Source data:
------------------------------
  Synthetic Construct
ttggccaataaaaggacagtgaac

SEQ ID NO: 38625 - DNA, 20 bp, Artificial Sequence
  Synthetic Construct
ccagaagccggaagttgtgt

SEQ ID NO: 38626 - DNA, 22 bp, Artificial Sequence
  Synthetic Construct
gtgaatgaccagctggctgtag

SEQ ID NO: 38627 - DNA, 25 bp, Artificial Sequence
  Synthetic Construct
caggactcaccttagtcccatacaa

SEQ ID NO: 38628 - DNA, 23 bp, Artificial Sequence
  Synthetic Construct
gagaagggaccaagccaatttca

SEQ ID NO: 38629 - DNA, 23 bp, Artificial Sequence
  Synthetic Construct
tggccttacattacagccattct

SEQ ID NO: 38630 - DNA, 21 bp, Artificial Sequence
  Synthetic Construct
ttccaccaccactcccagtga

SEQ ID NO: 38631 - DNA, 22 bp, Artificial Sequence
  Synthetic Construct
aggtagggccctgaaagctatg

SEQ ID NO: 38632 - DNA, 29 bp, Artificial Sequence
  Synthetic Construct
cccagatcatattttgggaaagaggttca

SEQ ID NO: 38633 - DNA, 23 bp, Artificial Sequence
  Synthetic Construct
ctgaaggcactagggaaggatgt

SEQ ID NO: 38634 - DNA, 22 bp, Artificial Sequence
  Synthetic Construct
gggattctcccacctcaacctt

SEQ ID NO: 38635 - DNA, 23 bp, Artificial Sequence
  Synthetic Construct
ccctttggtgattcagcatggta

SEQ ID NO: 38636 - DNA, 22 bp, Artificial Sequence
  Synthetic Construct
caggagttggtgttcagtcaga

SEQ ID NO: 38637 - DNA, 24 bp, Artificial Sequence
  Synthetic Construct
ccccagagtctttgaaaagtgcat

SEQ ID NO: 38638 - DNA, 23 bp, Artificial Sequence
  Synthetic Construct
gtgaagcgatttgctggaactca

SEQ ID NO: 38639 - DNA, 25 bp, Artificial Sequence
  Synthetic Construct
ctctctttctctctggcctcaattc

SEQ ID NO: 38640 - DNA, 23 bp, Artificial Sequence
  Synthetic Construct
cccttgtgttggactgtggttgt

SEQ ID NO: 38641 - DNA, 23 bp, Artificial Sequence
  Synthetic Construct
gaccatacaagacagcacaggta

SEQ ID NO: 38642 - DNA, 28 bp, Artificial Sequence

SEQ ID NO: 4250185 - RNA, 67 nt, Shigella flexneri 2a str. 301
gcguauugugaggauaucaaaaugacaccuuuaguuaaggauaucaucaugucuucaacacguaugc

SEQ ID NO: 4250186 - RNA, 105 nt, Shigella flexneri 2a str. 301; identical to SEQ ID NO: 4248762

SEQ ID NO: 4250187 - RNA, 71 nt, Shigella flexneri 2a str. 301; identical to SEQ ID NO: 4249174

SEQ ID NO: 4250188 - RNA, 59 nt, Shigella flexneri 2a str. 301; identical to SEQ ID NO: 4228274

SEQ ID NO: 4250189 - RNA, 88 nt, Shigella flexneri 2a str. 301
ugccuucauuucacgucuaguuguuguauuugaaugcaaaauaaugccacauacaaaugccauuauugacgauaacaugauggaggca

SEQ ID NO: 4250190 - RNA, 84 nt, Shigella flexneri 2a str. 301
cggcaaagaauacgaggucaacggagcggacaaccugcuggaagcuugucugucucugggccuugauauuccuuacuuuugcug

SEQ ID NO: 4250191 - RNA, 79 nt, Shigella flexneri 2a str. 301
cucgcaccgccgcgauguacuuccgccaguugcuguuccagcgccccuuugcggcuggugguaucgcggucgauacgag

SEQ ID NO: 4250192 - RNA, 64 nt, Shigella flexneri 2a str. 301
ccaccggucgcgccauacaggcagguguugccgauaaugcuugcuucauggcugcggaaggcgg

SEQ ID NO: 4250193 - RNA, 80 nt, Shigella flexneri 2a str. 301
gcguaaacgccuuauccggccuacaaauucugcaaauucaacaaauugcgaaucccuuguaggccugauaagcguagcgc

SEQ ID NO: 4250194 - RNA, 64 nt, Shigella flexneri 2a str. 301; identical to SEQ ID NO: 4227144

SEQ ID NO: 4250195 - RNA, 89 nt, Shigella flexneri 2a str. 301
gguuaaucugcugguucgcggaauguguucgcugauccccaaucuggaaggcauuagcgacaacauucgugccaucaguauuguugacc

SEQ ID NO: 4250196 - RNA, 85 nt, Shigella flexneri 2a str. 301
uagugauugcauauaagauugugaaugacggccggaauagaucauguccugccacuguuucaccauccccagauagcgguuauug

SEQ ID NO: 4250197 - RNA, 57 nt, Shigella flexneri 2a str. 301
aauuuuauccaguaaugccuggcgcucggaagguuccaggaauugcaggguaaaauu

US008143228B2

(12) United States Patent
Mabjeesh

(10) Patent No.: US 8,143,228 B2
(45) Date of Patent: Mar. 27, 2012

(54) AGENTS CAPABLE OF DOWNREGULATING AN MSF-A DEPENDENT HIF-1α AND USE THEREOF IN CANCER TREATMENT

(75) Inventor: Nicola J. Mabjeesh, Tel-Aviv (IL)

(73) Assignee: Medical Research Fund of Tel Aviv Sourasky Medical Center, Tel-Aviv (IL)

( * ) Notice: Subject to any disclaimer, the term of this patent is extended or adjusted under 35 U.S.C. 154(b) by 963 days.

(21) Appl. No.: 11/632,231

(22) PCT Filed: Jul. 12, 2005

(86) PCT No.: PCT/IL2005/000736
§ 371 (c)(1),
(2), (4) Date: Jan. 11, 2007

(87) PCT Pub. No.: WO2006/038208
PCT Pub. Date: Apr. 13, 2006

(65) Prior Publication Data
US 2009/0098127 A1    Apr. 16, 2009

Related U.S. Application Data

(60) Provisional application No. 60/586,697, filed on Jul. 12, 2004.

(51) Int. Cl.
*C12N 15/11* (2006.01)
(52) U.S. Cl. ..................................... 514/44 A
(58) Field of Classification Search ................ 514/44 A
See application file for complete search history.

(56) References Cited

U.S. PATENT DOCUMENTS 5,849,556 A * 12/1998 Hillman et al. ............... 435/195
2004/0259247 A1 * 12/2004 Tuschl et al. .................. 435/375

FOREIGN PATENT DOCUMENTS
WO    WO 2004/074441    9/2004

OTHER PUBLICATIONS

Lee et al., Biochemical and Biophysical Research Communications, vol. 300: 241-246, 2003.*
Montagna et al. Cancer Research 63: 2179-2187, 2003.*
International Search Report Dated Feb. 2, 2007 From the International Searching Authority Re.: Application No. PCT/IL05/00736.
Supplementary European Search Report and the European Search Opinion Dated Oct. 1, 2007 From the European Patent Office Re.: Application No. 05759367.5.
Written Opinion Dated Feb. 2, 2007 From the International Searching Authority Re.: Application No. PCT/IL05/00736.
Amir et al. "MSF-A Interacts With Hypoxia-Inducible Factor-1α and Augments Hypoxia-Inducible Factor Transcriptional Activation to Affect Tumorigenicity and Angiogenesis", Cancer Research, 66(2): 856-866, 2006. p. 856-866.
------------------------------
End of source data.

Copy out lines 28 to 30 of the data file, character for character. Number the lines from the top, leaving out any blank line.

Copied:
  Synthetic Construct
ctgaaggcactagggaaggatgt

SEQ ID NO: 38634 - DNA, 22 bp, Artificial Sequence